And we know how far that goes in getting things done. Talk to us a little bit about what you did to cement that good relationship. What kind of sparked that really working? And also, I’m going to nudge you here to talk about the the other ventures you’ve done on campus that are pretty successful that bring additional revenue, but talk to us about that relationship you have with administration and how important that is to be successful.

Kim: A really good question. Meni. I’m very fortunate to work. I do report to the provost and vice president for academic affairs and he has been a staunch ally and supporter since the day he landed at Dominguez Hills. And I was quick to get an audience with him and explain to him what we do.

I invited him down to our college. I did a PowerPoint presentation. I showed him all of the different myriad programs that we do. That really do fit into that K through 100 lifelong learning model and we’ve been very successful doing that and meeting the needs of the workforce. And I started to tell him to about my interest in moving forward into the micro credential and digital badging space.

And he became really like almost awestruck, you know, and was very, admiring about what we were doing here, but it was a really good relationship initially from the get go. And frankly, our college delivers on a lot of what we do a lot of units promise, but we actually deliver as a unit and he sees that he appreciates that.

And I’ve done such a good job. And this is, you know, a little bit of a humble brag here. Of nurturing this relationship, and he sees the value of what we do in CE how it can help the broader university, the traditional side of the house where we can start up new programs and after a while, like a spinoff company and what we’ve done, we’re starting to launch new degree programs but after we stand them up, we’ll migrate them back to stateside or main campus so that they can be embedded in the traditional side of the university. And then part two because of our successful relationship and our successful track record, the provost worked with the president. I met with the president and I am the only dean at our college at Cal State Dominguez Hills that serves on the president’s cabinet.

It’s not the Dean of the Business School it’s not the Dean of the Arts and Humanities College, it’s not the Dean of Education, because the President also sees the value of what we bring to the table and how we can help the University. I see us as supplemental and additive to the University of, again, being the test kitchen.

We can launch new ideas, test new programs out, and after we stand them up, as I mentioned earlier, Migrate them back to the traditional university setting, and then it’s incumbent upon my college, my team, to go out and constantly be surveying the marketplace of saying, okay, what should we be doing next? What’s on the horizon? But it has been absolutely key. As I touched on earlier, I’ve worked at six different universities over a 30 year career. And this is absolutely the best working relationship I’ve had with my provost and vice president for academic affairs. And he sees what we’ve been doing, and he encourages our success because he sees how we’re helping our students, the college, and ultimately the university.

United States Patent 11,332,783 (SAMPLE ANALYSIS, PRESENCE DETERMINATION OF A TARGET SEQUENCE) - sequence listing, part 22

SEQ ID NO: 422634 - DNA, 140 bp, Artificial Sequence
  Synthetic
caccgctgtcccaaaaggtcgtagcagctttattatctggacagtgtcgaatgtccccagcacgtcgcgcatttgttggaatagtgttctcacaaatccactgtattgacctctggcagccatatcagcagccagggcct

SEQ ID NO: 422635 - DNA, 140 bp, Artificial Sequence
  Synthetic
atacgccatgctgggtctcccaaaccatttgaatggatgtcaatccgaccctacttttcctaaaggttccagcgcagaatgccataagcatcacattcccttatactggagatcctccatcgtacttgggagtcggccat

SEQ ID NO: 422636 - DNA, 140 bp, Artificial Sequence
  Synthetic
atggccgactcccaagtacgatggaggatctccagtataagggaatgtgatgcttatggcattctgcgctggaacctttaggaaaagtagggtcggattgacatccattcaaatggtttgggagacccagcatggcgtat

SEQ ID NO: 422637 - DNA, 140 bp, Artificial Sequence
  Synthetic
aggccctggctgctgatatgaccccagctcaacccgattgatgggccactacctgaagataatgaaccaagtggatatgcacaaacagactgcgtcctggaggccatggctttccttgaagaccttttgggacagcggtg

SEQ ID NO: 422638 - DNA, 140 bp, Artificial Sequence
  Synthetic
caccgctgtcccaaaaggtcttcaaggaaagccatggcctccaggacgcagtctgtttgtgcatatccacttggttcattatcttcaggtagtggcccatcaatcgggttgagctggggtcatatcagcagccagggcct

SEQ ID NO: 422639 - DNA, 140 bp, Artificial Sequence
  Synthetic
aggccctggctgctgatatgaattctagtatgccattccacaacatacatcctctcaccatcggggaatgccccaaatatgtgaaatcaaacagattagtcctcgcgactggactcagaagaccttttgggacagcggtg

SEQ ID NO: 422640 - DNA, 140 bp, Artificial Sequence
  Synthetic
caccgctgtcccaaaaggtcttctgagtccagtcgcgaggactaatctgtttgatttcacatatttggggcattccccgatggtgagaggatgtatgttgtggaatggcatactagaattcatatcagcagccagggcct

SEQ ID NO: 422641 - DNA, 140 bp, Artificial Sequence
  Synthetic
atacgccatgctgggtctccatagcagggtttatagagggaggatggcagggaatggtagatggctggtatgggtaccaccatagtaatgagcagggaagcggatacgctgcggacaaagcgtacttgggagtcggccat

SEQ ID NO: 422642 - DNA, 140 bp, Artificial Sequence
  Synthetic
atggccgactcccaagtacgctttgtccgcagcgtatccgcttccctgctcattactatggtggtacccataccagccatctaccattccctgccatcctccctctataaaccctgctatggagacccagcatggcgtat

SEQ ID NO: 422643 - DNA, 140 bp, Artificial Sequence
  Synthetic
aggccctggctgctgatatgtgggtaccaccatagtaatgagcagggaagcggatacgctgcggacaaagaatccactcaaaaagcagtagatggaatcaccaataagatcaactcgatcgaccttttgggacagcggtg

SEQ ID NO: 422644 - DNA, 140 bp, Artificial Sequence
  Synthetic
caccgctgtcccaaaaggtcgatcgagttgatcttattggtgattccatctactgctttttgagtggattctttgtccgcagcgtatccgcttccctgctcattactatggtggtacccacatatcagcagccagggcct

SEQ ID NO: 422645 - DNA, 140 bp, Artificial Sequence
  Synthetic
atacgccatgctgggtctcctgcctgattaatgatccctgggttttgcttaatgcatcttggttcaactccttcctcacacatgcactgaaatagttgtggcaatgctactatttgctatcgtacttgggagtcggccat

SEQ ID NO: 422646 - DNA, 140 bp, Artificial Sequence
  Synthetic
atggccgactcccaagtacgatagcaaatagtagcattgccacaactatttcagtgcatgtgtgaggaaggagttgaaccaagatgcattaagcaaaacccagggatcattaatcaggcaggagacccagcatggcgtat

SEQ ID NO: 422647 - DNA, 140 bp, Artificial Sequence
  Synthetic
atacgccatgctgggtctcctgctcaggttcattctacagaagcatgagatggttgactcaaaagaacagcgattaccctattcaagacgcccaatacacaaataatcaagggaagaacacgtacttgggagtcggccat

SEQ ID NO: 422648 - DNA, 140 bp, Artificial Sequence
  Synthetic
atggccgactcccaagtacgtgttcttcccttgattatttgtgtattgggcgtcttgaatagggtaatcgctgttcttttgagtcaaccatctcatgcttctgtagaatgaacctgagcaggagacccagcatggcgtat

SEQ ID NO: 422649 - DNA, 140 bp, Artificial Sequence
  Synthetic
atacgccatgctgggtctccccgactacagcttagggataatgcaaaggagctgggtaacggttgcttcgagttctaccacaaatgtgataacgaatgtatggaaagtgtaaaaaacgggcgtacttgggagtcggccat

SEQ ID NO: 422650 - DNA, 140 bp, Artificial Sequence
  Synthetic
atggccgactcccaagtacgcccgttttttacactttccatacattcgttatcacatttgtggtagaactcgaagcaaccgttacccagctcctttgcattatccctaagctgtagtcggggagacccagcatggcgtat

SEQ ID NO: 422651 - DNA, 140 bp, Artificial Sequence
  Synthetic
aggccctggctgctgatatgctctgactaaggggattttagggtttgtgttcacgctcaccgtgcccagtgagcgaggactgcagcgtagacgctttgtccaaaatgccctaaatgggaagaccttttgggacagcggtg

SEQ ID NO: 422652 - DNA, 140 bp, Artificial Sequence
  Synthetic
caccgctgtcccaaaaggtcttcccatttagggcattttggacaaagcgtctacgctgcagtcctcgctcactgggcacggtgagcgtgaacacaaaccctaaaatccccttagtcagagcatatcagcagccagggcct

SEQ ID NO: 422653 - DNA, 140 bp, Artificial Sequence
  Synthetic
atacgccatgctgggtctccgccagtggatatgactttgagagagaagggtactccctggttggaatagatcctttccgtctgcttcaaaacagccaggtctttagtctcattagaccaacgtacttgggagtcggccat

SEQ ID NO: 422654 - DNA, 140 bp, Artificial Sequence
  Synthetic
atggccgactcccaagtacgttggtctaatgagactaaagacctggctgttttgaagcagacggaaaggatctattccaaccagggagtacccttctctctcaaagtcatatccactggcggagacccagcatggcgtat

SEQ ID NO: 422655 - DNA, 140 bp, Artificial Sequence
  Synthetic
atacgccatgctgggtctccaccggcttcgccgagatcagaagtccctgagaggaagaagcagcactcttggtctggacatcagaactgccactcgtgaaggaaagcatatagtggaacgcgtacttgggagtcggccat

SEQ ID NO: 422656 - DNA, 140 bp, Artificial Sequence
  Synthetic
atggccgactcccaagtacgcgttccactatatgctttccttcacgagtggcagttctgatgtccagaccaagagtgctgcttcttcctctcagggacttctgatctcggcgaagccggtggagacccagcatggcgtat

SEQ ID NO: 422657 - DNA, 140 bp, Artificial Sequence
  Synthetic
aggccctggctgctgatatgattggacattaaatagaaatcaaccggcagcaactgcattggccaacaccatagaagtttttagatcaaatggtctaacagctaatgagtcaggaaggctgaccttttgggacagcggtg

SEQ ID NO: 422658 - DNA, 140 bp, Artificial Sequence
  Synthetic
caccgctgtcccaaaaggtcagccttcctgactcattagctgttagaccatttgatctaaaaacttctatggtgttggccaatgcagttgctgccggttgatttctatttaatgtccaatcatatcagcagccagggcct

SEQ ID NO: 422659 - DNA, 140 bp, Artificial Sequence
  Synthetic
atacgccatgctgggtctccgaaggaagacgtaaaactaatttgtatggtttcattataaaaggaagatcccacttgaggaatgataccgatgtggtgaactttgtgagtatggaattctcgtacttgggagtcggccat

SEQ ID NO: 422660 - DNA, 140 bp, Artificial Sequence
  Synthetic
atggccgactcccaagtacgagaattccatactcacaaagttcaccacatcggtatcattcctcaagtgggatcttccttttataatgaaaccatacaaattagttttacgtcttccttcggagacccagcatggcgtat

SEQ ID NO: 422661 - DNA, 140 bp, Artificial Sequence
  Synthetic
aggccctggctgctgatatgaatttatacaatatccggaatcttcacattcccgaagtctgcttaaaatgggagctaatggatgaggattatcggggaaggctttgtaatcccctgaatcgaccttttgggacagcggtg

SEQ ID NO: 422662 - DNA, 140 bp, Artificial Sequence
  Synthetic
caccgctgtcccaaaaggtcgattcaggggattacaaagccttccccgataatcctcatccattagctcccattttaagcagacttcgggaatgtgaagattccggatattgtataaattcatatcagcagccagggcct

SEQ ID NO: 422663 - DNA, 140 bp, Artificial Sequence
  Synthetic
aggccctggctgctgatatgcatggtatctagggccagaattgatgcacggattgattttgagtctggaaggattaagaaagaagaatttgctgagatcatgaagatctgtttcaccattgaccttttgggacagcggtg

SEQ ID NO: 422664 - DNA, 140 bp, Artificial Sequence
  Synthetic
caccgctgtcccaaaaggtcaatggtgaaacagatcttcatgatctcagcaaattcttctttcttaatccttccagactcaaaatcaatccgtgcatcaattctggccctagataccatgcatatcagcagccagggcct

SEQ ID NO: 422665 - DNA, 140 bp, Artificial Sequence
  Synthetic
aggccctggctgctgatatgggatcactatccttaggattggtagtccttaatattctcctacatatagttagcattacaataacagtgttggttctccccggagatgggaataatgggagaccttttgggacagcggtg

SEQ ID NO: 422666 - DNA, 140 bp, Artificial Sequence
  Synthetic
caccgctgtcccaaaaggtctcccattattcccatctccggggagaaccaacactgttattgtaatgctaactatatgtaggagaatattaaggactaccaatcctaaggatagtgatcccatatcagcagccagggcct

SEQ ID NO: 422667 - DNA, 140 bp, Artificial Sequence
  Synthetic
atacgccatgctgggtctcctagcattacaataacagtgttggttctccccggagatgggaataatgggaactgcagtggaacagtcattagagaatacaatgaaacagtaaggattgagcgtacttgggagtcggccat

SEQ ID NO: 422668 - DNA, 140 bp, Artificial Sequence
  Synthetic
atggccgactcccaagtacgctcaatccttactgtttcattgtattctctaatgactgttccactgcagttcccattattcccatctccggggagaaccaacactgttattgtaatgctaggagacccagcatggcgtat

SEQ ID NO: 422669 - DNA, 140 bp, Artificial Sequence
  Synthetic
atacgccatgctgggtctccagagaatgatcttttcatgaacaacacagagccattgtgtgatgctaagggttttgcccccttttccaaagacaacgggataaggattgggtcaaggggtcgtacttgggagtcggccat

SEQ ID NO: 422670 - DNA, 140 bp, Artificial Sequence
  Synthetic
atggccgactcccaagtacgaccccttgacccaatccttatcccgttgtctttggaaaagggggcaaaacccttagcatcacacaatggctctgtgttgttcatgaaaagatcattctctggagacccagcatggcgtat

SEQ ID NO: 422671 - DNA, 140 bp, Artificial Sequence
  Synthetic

Meni: I interviewed… A president last year, and one of the questions that I asked him was if a continuing education dean came up to you and was trying to ask for more funding or ask for more hiring or tell you something that would wow you as a president, what would that be? And. His answer was, “you know, it’s about what impact they’re having.”

And that was surprising to me because a lot of the conversations we deal with when it comes to continuing a professional education is revenue based. When you’re talking to your provost or to any type of administrator at Dominguez Hills, where do you see the most important fact or talking point that you bring into those discussions.

Is it revenue? Is it impact? Is it community? What do you find to be the most powerful tool for you?

Kim: When I first came on board, I used to really emphasize, and I’m in my eighth year now at Dominguez Hills, I used to emphasize revenue as the number one key performance indicator. But over time, you actually touched on the other key aspects of impact and serving the community.

And by that, I mean our student community. I used to say that most presidents view C. E. And successful C. E. Units like ours is as A. T. M. S. That they would see us as a place to come and say, Hey, I need to withdraw Kim and resourced. And what I frankly now have changed that discussion around, and I’ve changed the vernacular of saying, you know, don’t view my college as the university ATM.

Use us as an investment bank. Let’s come up with some ideas. Let’s partner with the faculty and the different academic units on campus, entrepreneurial faculty, and say, let’s work together. I’ll invest some money in marketing. I’ll invest some money in curriculum development, instructional design. I can do that.

Thank you. And then we’ll develop a partnership that over time, we’ll pay ourselves back and you know, we’ll develop a new program together. So, and then it’s also serving the community. Are we serving the, our students here in the L. A. area, which is where Dominguez Hills is. We’ve discovered that most of our graduates.